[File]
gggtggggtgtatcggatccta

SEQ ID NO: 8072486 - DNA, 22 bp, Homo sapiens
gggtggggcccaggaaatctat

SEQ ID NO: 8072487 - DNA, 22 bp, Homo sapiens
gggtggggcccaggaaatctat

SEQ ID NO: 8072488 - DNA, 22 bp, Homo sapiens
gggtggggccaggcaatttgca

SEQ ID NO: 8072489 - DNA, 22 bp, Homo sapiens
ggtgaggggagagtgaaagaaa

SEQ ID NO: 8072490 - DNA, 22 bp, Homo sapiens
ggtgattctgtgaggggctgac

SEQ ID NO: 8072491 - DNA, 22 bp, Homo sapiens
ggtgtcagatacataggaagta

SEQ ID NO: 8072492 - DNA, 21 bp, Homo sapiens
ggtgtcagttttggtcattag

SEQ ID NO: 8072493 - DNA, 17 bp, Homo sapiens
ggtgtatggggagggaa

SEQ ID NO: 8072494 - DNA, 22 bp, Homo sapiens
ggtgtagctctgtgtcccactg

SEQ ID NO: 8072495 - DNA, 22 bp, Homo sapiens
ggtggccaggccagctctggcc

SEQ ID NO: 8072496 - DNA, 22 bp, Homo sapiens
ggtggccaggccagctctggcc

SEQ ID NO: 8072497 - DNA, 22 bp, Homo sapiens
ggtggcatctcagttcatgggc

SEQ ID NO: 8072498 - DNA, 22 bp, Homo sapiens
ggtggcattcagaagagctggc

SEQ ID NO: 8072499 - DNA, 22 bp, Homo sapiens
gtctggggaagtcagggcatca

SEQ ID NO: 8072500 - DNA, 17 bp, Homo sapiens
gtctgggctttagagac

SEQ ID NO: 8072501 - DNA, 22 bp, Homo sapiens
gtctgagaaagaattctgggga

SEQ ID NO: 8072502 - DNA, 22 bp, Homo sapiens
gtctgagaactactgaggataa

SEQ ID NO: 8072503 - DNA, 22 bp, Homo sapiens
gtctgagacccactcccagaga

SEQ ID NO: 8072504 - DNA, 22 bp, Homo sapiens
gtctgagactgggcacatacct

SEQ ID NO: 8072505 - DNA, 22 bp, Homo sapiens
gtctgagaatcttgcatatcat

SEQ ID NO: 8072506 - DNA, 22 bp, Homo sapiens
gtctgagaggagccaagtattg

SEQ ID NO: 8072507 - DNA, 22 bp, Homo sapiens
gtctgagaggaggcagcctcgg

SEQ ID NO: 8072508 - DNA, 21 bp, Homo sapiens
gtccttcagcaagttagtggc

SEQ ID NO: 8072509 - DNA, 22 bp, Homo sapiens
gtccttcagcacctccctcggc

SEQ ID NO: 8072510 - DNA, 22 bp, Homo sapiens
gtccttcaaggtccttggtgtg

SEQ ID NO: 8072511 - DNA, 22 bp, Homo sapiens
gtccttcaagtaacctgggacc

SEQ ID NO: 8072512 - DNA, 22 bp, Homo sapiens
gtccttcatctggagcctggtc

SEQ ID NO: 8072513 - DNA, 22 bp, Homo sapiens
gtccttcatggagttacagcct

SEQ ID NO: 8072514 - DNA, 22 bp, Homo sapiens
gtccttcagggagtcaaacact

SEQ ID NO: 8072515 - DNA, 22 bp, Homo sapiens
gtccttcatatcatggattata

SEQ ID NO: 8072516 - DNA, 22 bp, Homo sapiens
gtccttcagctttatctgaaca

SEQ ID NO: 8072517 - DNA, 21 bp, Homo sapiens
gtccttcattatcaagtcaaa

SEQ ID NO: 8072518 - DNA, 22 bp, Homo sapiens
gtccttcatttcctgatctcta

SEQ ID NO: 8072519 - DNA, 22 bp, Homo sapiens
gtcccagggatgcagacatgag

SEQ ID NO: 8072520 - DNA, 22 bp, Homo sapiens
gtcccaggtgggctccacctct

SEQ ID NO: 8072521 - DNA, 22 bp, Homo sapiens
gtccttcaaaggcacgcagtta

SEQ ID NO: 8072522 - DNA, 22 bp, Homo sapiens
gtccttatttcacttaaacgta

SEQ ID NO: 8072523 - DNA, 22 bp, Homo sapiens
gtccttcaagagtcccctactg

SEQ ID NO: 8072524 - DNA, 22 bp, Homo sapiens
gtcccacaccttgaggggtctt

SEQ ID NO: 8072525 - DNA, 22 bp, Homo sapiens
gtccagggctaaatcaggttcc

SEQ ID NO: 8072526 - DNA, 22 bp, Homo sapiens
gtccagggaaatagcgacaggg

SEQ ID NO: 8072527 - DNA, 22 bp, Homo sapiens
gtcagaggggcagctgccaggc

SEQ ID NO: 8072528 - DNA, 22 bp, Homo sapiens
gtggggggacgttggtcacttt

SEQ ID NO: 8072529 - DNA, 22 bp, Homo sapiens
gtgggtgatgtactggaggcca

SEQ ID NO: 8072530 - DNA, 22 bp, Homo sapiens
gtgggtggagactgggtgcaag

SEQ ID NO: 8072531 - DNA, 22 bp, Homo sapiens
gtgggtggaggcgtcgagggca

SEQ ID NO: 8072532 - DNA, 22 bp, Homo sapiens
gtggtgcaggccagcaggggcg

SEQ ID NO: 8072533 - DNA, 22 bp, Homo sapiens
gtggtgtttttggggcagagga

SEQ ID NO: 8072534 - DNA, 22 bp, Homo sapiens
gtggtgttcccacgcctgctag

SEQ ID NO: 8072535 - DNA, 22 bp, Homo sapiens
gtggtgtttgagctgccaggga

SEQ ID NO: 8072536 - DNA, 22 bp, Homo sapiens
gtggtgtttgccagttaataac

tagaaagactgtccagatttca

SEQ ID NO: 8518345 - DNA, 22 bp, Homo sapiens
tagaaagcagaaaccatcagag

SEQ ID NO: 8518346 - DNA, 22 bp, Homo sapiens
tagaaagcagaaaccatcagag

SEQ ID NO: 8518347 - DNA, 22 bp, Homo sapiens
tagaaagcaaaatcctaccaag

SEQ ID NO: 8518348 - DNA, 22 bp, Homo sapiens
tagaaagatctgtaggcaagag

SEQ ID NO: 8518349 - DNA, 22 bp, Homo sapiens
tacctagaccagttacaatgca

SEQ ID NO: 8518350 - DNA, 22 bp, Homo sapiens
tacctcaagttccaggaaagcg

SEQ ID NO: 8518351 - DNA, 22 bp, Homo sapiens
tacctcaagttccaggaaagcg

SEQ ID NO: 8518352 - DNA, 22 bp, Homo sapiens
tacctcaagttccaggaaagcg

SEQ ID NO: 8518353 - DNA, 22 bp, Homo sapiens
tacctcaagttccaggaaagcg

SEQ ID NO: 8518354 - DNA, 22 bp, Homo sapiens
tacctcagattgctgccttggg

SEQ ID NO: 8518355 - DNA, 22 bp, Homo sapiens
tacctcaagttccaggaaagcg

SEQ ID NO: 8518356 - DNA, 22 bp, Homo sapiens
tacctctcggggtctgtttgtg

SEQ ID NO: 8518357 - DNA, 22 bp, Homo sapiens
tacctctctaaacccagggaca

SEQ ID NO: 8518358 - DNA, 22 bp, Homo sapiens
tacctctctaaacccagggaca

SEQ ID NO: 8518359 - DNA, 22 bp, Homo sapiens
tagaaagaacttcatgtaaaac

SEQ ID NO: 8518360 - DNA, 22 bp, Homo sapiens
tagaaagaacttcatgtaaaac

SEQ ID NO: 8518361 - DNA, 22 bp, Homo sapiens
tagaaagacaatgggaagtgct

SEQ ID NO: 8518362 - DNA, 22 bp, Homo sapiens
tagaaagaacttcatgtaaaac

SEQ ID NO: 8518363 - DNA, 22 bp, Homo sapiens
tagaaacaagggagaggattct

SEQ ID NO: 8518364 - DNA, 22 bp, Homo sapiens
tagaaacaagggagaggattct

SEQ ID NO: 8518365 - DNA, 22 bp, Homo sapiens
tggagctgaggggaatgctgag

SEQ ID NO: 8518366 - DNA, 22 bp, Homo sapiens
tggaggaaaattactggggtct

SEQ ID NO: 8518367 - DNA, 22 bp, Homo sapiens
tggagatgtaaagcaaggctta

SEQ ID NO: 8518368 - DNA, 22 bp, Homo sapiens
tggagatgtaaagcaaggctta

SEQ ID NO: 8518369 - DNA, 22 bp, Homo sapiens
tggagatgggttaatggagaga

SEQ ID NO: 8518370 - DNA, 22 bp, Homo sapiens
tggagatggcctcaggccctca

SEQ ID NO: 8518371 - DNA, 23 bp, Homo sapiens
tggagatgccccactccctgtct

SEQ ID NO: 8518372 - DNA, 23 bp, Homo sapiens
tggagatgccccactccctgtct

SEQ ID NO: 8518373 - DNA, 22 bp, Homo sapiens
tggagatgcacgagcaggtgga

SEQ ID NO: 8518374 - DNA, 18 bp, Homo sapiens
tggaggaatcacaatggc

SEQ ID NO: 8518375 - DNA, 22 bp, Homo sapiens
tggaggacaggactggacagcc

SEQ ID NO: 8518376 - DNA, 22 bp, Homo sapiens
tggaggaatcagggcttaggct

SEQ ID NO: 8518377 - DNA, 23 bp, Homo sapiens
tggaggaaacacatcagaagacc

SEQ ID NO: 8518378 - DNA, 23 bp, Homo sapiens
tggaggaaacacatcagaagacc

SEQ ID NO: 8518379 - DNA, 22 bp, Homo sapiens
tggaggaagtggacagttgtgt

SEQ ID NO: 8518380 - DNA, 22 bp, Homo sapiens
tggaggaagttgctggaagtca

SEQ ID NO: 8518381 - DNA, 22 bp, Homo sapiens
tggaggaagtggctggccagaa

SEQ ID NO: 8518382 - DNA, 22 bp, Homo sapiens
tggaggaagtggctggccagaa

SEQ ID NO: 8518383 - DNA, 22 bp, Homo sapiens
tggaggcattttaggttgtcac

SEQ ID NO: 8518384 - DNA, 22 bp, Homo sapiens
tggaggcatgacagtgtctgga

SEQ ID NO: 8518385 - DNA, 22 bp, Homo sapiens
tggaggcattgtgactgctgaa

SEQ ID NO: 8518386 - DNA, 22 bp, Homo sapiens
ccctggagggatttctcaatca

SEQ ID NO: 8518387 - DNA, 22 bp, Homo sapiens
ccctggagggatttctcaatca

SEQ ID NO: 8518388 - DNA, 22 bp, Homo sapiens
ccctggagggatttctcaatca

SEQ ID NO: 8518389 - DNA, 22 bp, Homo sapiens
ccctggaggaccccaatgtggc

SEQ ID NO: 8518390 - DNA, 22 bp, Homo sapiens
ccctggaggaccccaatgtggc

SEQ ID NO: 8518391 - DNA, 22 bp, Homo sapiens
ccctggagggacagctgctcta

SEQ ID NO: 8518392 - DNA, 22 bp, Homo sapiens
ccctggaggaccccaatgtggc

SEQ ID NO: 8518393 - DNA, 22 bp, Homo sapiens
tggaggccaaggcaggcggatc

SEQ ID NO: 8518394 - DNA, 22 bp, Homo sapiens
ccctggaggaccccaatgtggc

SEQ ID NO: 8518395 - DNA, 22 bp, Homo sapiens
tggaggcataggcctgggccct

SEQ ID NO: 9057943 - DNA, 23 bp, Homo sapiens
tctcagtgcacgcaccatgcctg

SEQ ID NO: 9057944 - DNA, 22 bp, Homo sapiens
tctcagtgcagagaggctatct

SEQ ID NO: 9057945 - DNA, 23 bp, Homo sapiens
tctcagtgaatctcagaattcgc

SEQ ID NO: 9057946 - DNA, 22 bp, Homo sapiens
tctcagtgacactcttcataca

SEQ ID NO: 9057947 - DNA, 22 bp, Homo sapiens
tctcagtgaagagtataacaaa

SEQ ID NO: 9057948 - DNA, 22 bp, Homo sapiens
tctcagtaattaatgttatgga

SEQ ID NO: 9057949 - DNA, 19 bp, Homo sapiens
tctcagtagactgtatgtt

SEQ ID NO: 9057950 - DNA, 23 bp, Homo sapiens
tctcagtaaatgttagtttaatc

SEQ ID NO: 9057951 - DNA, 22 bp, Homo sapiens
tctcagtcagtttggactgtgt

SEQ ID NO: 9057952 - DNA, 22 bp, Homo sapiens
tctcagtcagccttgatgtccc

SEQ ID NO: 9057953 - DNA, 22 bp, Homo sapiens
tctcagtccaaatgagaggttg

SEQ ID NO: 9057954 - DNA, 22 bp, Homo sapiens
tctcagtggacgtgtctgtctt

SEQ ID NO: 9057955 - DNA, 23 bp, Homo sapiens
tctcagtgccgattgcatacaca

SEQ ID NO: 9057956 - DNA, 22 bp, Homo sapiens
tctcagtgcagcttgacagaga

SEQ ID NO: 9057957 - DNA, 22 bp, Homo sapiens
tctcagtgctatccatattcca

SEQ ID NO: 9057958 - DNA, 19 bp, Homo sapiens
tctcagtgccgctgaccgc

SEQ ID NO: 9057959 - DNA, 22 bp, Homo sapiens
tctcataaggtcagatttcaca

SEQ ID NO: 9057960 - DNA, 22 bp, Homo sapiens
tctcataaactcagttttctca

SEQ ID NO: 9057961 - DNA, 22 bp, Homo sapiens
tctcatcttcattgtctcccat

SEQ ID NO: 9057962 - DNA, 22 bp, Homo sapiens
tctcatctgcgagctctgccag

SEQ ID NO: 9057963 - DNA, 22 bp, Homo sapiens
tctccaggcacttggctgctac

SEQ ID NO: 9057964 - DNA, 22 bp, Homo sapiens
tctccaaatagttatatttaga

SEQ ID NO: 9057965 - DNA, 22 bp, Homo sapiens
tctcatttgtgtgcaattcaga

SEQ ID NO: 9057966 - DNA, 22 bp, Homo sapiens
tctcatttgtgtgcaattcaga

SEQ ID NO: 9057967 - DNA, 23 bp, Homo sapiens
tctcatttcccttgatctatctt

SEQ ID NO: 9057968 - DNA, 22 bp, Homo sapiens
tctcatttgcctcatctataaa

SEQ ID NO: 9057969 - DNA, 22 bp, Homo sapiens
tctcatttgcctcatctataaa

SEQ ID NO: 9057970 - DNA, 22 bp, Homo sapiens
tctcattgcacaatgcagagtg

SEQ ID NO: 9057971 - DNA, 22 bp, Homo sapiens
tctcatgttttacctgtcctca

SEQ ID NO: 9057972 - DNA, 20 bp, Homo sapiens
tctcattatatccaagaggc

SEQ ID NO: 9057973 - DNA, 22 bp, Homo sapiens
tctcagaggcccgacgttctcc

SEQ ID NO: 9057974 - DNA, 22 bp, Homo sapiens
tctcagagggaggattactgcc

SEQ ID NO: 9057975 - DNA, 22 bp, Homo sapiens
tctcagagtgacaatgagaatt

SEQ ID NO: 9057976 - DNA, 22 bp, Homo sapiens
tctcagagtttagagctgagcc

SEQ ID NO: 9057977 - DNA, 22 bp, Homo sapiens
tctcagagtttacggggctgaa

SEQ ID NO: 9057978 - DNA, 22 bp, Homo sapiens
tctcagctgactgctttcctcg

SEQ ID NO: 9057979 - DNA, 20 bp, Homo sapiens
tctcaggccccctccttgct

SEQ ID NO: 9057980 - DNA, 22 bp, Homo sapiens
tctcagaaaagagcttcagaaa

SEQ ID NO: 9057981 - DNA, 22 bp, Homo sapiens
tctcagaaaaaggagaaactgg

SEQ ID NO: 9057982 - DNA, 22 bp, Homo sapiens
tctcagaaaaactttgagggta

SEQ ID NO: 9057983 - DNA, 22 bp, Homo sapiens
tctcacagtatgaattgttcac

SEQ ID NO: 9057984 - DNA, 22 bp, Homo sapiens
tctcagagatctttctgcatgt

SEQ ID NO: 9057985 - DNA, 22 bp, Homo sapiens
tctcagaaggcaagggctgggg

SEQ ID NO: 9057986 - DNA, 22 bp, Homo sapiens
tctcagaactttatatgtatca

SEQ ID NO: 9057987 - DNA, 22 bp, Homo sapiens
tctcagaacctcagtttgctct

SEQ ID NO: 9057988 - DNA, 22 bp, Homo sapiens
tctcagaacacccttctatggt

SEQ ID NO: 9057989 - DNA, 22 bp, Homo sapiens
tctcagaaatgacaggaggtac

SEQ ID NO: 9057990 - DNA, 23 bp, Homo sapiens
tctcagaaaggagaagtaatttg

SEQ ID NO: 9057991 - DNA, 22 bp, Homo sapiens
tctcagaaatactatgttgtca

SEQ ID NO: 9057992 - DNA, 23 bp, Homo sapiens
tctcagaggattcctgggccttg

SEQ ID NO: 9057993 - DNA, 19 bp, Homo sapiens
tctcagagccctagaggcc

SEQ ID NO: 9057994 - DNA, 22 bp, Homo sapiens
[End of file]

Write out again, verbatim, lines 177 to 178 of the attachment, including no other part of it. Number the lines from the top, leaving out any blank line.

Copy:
SEQ ID NO: 8518381 - DNA, 22 bp, Homo sapiens
tggaggaagtggctggccagaa